Synopses & Reviews
Why do some people find and sustain hope during difficult circumstances, while others do not? What can we learn from those who do, and how is their example applicable to our own lives? The Anatomy of Hope
is a journey of inspiring discovery, spanning some thirty years of Dr. Jerome Groopmans practice, during which he encountered many extraordinary people and sought to answer these questions.
This profound exploration begins when Groopman was a medical student, ignorant of the vital role of hope in patients lives-and it culminates in his remarkable quest to delineate a biology of hope. With appreciation for the human elements and the science, Groopman explains how to distinguish true hope from false hope-and how to gain an honest understanding of the reach and limits of this essential emotion.
Since the time of the ancient Greeks, human beings have believed that hope is essential to life. Now, in this groundbreaking book, a Harvard Medical School professor and "New Yorker" staff writer shows readers why.
About the Author
Jerome Groopman, M.D., holds the Dina and Raphael Recanati Chair of Medicine at the Harvard Medical School and is the chief of experimental medicine at the Beth Israel Deaconess Medical Center in Boston. His research has focused on the basic mechanisms of blood disease, cancer, and AIDS. He is a staff writer in medicine and biology for The New Yorker
and is the author of two popular books, The Measure of Our Days
and Second Opinions
, which were the inspiration for the television series Gideons Crossing. In 2000 he was elected to the Institute of Medicine of the National Academy of Sciences. He lives with his wife and three children in Brookline, Massachusetts.
From the Hardcover edition.
Reading Group Guide
1. How did Dr. Groopmans attitude towards hope change over the course of his career? Do you think doctors are responsible for their patients morale, or should they simply provide the cold, hard facts? Can you think of an example from your own life where either approach was effective?
2. What is the difference between false hope and true hope? After his experience with Frances Walker, why was Dr. Richard Keyes so resistant to his own treatment? Conversely, what allowed George Griffin and Barbara Wilson such optimism in the face of their illnesses? Was this false or true hope?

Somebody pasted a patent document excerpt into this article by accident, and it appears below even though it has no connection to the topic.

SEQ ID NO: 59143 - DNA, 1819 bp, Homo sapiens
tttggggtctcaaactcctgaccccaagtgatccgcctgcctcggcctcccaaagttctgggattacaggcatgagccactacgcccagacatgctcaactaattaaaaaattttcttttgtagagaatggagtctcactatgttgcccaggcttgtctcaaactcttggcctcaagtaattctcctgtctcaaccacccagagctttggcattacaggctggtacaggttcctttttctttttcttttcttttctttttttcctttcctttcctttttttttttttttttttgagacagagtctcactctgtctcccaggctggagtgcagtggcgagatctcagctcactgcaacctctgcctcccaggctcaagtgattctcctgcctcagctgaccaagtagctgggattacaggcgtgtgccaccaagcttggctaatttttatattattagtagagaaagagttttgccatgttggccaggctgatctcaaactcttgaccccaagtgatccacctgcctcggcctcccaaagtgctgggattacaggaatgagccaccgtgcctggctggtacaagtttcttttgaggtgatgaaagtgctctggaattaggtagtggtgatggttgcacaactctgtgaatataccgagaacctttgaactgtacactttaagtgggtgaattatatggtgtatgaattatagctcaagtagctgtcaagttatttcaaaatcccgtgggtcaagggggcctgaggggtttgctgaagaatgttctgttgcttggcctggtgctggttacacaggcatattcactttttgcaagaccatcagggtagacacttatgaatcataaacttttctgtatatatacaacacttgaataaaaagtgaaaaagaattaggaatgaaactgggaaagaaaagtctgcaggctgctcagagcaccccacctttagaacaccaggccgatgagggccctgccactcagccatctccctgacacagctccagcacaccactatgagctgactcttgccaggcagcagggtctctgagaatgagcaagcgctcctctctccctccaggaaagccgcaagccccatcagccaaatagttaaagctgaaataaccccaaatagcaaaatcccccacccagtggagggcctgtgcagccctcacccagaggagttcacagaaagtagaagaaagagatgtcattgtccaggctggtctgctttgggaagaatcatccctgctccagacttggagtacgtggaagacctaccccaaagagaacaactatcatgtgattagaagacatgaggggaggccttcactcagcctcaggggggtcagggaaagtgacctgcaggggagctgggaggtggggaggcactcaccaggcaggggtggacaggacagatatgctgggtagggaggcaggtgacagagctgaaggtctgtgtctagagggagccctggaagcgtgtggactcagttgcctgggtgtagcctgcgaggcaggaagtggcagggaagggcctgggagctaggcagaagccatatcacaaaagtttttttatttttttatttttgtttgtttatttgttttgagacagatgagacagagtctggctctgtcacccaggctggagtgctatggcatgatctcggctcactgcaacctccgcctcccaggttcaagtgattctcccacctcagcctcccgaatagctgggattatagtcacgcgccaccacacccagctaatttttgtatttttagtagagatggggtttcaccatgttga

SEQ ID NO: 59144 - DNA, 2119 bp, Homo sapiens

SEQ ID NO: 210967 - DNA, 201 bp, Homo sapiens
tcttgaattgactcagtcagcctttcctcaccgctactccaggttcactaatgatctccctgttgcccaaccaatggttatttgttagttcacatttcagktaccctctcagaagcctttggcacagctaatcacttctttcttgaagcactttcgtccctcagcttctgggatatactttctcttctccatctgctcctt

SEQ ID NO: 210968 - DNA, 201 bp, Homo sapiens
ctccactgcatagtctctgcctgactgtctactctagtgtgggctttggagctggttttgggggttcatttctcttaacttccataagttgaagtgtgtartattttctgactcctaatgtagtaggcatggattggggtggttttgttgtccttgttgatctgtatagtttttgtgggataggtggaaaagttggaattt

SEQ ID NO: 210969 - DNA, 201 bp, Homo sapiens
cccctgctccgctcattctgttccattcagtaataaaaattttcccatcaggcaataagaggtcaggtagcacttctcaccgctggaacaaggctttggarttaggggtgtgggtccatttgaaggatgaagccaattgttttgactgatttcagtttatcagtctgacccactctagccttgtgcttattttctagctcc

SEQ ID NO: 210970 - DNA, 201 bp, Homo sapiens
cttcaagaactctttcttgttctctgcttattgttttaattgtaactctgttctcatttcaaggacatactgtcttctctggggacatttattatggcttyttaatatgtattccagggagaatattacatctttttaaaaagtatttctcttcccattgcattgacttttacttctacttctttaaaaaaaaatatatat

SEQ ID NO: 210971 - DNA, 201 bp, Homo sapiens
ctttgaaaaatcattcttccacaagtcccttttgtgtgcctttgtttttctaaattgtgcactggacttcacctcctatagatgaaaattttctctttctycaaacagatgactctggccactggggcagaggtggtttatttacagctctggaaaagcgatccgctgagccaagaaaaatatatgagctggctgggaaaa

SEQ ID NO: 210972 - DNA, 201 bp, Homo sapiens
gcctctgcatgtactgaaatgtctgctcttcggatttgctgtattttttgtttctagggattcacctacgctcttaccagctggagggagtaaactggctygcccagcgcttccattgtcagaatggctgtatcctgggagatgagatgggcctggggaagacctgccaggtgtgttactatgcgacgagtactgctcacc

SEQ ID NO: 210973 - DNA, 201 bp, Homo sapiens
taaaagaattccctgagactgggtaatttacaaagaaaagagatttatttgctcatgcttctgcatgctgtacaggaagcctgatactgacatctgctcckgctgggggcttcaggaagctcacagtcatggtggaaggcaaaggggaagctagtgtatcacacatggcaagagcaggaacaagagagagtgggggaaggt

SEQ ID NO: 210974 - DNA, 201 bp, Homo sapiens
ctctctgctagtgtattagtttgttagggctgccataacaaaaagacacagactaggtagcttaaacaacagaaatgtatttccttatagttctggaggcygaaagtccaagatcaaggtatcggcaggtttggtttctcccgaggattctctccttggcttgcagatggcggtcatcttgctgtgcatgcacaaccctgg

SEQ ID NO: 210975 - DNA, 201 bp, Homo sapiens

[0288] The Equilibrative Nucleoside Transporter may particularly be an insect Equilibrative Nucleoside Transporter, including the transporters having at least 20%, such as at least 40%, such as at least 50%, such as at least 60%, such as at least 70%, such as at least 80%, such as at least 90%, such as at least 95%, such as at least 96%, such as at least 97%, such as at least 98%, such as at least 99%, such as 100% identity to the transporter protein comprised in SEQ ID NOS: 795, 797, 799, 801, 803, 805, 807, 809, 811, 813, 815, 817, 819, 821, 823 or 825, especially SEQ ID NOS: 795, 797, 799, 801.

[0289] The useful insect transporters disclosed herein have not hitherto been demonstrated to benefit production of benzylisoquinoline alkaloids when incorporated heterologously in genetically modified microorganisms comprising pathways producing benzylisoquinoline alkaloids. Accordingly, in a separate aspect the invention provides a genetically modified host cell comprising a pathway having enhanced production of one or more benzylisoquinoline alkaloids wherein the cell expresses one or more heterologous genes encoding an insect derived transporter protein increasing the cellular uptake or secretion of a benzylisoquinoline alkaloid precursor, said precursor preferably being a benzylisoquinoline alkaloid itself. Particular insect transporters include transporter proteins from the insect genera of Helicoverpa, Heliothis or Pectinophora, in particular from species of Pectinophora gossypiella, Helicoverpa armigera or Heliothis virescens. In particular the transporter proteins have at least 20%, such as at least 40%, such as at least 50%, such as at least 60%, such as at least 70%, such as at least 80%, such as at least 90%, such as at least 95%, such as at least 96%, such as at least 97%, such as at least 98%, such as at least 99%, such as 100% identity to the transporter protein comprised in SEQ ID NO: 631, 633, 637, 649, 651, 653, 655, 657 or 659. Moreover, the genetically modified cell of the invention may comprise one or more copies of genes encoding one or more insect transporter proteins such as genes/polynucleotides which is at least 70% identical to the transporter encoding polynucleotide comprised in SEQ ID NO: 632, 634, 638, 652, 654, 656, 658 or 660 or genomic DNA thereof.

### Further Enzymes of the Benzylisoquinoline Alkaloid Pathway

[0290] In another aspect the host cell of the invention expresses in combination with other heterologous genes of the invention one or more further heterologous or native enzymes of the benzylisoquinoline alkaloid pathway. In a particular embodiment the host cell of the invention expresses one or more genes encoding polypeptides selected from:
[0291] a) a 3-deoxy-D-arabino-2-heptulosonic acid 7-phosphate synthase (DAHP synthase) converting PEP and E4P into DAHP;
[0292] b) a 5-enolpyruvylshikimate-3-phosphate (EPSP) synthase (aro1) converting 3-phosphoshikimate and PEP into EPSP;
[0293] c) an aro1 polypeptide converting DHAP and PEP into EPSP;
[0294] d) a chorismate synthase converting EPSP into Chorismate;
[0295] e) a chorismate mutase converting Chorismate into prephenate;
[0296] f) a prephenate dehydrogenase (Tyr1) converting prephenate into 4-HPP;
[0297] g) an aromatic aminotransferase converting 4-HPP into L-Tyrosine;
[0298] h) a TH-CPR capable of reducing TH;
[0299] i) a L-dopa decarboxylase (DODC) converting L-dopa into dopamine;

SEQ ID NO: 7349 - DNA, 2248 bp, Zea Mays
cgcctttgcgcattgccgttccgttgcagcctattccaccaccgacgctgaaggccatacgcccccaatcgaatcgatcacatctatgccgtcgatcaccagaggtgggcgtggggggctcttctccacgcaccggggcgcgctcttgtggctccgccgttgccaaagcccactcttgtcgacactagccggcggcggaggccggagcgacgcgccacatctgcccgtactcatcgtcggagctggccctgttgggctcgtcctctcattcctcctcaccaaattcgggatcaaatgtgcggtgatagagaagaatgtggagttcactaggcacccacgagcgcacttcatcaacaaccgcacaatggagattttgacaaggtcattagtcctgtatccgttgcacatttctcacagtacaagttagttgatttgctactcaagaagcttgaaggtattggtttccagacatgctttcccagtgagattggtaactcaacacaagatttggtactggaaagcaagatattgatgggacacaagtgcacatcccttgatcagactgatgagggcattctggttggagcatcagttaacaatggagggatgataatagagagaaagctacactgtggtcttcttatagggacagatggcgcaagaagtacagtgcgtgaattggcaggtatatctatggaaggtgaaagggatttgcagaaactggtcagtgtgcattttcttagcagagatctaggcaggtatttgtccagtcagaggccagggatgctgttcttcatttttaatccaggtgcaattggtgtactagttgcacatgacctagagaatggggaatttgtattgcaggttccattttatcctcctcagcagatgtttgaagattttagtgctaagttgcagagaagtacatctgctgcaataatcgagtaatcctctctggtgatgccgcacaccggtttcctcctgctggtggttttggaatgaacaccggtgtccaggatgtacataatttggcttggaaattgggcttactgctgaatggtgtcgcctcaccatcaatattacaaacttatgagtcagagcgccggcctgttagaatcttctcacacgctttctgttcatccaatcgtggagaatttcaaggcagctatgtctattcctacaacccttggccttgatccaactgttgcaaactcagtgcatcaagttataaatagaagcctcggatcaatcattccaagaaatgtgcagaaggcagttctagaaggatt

3. Groopman discusses the important relationships his patients create with either their loved ones or their God. Think of a time in your life when such relationships changed your outlook or got you through a painful or difficult situation.
4. What were the steps Dan Conrad took to develop a more hopeful attitude towards his cancer? Ultimately, why was it so important for Dan to have another cancer survivor as his model of hope?
5. How did Groopman learn from his own injury? Why do you think he includes so many stories where doctors become patients? Do you think its important to have hope in order to understand it in others? Is there a time in your life where empathy played an important role in recovery?
6. Define hope. Do you see it as something tangible—something with a recognizable anatomy—or is it different for different people?
7. Groopman examines the biology of hope by comparing it to the placebo effect. Do you think these two concepts are akin? Does believing in something make it true? Is recovery a reflection of hope or is the correlation less clear-cut?
8. Is there a way to help someone else find hope? What would you do if you were Esther Weinbergs doctor? Her friend? Her rabbi? Have you ever known anyone who has lost hope entirely?
9. In the conclusion, Groopman admits that “the question—why some people find and hold on to hope while others do not—was what moved [him] to write this book.” Can that question be answered? If so, how? Are we predispositioned for affective behavior or is hope something we can rationally control?
10. Does Groopmans argument extend to more than sickness? Where in your life have you seen hope as a remedy?
11. What do you take from this book? What is one thing youd like to change about your own outlook and what is one thing you can do to improve those of the people around you?